In yet another change for , a practice direction on witness evidence has come into force, which changes how statements need to be prepared for court proceedings.
As at 6 April 2021, Practice Direction 57AC (“PD”) and its accompanying appendix providing a Statement of Best Practice, came into force in the Business and Property Courts. The Practice Direction brought into force changes as to the preparation, submission and contents of trial witness statements.
What is a witness statement?
A witness statement is a written court document which gives a record of the factual evidence surrounding a legal matter. The function of a witness statement is to set out the evidence in chief of a witness. This evidence is needed to prove the facts alleged by the party.
Why was Practice Direction 57AC introduced?
Over the years, lawyers have submitted numerous trial witness statements that were layered with legalese, legal submissions and provided narratives to trial documents. This has more often than not, caught the disproval of the judiciary and has eventually caused the Courts to take action. In the case of Gestmin Sgps V Credit Suisse (2013) EWHC 3560 (Comm), Leggatt J, as he then was, provided a detailed analysis as to the reliability of witness statements. In part of his analysis, he assessed the contents of witness statements and the manner in which they are prepared.
In Gestmin Sgps at paragraph 20, Leggatt J commented on why witness statements presented to the Courts often steer away from their true purpose (which is to cover the issues that the party serving the statement requires the witness to give evidence in chief). He pointed out that witness statements are usually drafted by a lawyer who is conscious of the issues of the case. Statements then tend to focus on the precision of the legal arguments, rather than providing a factual account of events. Witness statements have also been seen to include pleadings and other material which a witness has not laid eyes on or which came into existence after the event occurred. This causes the written account of the witness’s evidence and thus their memory, to be based on the trial documents and legal interpretations, rather than actual events.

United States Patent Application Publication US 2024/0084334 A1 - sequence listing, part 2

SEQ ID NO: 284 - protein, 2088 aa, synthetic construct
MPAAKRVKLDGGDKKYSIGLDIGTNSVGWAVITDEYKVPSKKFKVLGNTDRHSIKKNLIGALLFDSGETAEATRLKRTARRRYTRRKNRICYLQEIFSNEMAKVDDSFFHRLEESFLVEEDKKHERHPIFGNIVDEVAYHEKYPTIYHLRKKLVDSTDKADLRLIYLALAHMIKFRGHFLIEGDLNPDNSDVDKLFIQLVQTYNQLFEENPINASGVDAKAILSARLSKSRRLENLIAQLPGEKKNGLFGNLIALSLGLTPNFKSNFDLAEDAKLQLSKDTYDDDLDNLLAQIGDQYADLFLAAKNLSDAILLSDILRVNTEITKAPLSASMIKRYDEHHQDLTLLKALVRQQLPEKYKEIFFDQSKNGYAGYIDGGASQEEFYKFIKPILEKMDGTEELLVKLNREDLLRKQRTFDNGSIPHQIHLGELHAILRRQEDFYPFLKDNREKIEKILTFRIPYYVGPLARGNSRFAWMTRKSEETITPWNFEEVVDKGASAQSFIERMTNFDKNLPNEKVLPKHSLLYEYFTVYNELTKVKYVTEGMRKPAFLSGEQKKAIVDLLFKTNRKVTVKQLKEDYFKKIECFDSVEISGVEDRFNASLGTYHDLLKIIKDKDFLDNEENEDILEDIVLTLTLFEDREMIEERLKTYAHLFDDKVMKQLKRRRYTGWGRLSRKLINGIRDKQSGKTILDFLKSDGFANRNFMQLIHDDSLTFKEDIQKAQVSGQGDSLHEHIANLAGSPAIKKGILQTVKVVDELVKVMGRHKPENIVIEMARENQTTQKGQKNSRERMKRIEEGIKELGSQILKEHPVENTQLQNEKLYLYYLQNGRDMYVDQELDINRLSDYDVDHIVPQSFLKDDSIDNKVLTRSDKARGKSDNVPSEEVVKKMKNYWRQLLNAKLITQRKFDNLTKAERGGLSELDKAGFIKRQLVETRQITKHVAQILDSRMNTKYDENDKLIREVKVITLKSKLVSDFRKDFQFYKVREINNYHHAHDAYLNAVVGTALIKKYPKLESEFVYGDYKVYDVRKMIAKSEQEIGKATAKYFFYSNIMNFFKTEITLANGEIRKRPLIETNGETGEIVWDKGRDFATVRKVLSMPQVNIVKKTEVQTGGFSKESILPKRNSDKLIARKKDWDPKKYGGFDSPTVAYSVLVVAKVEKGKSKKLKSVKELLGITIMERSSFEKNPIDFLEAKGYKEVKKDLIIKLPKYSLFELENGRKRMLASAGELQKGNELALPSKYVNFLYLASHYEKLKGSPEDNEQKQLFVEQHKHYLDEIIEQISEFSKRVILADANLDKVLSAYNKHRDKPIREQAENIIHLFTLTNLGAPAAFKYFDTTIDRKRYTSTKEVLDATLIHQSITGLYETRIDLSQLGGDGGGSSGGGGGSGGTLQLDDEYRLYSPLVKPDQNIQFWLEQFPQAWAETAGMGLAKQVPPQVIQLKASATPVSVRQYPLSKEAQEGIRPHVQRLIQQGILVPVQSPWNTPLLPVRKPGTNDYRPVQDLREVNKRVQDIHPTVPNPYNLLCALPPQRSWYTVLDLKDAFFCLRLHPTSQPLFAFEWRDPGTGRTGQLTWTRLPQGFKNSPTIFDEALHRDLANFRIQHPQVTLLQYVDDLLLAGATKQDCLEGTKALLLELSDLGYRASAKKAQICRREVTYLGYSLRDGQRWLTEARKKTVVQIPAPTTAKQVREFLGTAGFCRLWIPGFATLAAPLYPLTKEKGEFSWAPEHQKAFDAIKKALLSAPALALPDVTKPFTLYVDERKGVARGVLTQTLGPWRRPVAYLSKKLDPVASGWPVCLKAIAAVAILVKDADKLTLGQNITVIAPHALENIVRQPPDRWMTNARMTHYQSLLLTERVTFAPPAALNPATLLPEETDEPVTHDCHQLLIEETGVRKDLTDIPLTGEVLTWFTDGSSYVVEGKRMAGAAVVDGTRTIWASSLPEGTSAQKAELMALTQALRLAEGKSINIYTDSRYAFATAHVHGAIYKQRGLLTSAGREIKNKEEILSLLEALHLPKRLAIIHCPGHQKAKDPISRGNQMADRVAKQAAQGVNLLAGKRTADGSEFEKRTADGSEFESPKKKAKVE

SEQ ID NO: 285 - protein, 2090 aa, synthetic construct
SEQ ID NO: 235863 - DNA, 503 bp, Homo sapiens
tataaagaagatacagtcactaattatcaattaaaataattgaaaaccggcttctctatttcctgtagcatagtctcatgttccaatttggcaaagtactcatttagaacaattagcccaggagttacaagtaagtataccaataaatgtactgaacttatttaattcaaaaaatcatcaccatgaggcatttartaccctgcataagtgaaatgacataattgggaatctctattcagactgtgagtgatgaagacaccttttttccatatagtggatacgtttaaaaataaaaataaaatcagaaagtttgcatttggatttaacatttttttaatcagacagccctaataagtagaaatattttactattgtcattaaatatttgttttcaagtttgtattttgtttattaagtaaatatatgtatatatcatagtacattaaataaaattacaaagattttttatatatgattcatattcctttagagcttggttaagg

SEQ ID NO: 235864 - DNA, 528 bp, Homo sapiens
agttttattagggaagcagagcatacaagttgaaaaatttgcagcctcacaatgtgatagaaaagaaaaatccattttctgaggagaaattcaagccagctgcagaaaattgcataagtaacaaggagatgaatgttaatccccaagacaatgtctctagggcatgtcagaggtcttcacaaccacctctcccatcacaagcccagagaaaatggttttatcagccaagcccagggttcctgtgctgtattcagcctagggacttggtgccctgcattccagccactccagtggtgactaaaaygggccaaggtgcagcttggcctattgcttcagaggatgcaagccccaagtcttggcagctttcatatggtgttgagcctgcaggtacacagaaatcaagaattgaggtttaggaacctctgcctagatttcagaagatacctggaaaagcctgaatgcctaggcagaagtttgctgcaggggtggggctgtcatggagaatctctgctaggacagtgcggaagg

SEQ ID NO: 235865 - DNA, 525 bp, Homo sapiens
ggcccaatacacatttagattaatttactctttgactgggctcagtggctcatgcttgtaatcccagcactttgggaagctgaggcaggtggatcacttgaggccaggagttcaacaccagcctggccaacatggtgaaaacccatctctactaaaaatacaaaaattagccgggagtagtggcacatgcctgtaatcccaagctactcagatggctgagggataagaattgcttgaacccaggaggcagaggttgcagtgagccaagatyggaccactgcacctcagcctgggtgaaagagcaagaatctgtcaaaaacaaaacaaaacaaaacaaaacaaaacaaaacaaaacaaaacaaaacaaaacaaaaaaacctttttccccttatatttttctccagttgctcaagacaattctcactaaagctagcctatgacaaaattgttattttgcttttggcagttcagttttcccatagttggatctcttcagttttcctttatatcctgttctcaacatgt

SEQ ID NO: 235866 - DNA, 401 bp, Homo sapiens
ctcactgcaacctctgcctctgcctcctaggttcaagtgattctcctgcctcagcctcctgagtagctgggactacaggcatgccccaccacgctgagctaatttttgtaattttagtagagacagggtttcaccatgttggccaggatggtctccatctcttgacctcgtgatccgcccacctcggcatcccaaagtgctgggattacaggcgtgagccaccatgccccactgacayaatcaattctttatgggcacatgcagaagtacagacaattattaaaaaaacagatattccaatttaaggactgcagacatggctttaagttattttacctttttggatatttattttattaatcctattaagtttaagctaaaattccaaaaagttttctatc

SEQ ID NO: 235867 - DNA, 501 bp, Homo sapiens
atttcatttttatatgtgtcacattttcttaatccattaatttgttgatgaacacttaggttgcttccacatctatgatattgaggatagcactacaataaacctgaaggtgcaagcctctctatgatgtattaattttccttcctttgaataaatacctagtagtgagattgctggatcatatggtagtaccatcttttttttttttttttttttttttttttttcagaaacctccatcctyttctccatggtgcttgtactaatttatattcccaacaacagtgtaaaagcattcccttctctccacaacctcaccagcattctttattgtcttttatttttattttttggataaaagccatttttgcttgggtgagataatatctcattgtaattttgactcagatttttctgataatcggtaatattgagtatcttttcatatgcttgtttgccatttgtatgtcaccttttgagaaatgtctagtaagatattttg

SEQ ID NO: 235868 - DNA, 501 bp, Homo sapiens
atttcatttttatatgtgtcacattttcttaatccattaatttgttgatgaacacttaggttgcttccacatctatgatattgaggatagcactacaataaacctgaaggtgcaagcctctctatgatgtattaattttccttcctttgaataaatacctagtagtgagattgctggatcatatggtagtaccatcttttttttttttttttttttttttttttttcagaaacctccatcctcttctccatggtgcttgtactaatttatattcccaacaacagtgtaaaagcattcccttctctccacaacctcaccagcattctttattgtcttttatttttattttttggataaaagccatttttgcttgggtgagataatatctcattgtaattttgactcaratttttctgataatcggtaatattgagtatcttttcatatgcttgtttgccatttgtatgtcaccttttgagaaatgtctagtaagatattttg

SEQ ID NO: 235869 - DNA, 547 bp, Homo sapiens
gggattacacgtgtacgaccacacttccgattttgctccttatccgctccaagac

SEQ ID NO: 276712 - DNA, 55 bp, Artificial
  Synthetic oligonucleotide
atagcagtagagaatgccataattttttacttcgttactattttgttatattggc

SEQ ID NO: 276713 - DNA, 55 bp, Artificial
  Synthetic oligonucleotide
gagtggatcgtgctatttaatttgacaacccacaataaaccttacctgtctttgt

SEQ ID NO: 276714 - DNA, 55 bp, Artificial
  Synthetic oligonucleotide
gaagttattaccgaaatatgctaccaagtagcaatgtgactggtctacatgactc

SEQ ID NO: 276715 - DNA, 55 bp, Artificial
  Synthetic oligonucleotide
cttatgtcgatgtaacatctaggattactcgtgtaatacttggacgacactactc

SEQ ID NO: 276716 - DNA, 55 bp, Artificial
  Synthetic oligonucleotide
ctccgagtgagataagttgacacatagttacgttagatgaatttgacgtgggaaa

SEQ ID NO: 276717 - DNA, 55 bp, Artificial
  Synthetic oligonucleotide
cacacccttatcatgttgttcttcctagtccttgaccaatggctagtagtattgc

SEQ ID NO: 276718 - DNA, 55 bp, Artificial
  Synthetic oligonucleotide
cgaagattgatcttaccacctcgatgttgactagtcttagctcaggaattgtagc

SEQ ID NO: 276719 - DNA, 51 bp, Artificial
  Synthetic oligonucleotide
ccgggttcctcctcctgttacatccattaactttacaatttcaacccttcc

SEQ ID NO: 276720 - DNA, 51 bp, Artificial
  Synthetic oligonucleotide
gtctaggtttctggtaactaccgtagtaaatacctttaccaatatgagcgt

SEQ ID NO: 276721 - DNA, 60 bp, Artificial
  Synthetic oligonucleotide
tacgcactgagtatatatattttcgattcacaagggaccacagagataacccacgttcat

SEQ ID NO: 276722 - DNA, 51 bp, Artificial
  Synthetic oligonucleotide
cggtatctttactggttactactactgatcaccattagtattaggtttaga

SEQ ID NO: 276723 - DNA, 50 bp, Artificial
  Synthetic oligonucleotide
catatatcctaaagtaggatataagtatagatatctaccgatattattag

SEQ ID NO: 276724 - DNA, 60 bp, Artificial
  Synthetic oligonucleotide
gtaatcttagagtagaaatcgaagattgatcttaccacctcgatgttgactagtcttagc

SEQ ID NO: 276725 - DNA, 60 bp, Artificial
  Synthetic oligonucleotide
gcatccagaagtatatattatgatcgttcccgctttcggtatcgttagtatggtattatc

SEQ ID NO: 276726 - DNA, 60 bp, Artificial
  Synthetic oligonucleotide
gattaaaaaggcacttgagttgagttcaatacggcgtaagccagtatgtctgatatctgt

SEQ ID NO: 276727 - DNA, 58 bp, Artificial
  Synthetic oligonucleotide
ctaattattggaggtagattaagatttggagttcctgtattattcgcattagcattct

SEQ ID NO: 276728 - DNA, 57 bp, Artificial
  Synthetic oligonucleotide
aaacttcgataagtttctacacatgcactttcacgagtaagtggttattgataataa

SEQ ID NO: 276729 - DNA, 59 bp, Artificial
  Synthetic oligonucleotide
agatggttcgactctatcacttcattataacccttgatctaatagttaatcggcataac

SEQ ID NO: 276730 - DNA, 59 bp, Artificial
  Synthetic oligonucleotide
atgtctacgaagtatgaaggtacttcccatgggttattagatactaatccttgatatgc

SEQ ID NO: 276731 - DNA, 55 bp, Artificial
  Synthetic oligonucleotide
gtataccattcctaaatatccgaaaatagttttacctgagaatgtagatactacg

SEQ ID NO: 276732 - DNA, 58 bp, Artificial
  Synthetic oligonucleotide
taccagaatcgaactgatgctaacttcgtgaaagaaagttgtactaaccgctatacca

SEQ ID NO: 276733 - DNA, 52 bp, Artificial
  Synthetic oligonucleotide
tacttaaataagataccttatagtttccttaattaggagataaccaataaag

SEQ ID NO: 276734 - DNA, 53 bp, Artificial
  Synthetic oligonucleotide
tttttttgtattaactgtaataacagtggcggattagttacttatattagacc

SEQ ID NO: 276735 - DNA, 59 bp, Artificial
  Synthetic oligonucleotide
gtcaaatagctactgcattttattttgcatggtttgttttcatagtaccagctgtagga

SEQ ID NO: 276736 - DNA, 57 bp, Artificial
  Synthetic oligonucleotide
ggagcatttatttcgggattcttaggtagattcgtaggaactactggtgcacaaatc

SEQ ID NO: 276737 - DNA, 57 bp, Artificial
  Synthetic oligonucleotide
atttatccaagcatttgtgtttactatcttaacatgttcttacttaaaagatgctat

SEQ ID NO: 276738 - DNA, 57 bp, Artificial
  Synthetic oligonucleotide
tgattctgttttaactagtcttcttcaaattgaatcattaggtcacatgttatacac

What does the Practice Direction say?
The Practice Direction has brought about certain changes to the manner in which witness statements are to be drafted and prepared for use in trials which take place in the Business and Property Courts.
Content of Witness Statements
The Practice Direction requires that witness statements contain only “evidence as to matters of facts that needs to be proved at trial by the evidence of witnesses” in relation to issues of fact, and “the evidence as to such matters that the witness would be asked by the relevant party to give, in evidence in chief”. The witness statement must set out only matters of fact and must identify what documents, if any, the witness has referred to for the purpose of providing the evidence in the statement.
The Statement of Best Practice provides that a witness statement should be prepared in a way that avoids any alteration or influence on the recollection of the witness. The statement should be as concise as possible and should refer to documents, only when necessary. The statement should not seek to argue the case, comment on other evidence in the case or take the Court through any of the trial documents.
Confirmation of Compliance
A witness statement must be verified by a Statement of Truth. In terms of Civil Procedure Rule 22.1, a statement of truth must be signed by the maker of the statement. The Practice Direction further requires that the witness statement be endorsed with a Certificate of Compliance that is to be signed by a legal representative. The Certificate of Compliance will confirm that the witness statement complies with the Practice Direction, the Statement of Best Practice and paragraphs 18.1 and 18.2 of Practice Direction 32, which set rules for the body and content of witness statements. Paragraph 18.1 provides that a witness statement should be in the intended witness’s own words and must be drafted in their own language, and paragraph 18.2 highlights that a witness statement must indicate which statements are made from the witness’s own knowledge and which are matters of information.
Sanctions – in the event of non-compliance
In terms of the Practice Direction, if a party fails to comply with the direction, the Court is entitled to: refuse to give or withdraw permission to rely on, whole or in part, the statement; order that the statement be re-drafted; make an adverse costs order against the non-complying party; order a witness to give their evidence, whole or in part, orally. The Court may also strike out a witness statement that is not endorsed with a Certificate of Compliance.
In light of the above changes, the preparation of witness statements needs to be done with careful consideration and planning. Accurate notes need to be prepared in all interviews with Clients and statements should be drafted in accordance with these notes and should not deviate into legal arguments or take the Court through an analysis or brief of trial documents.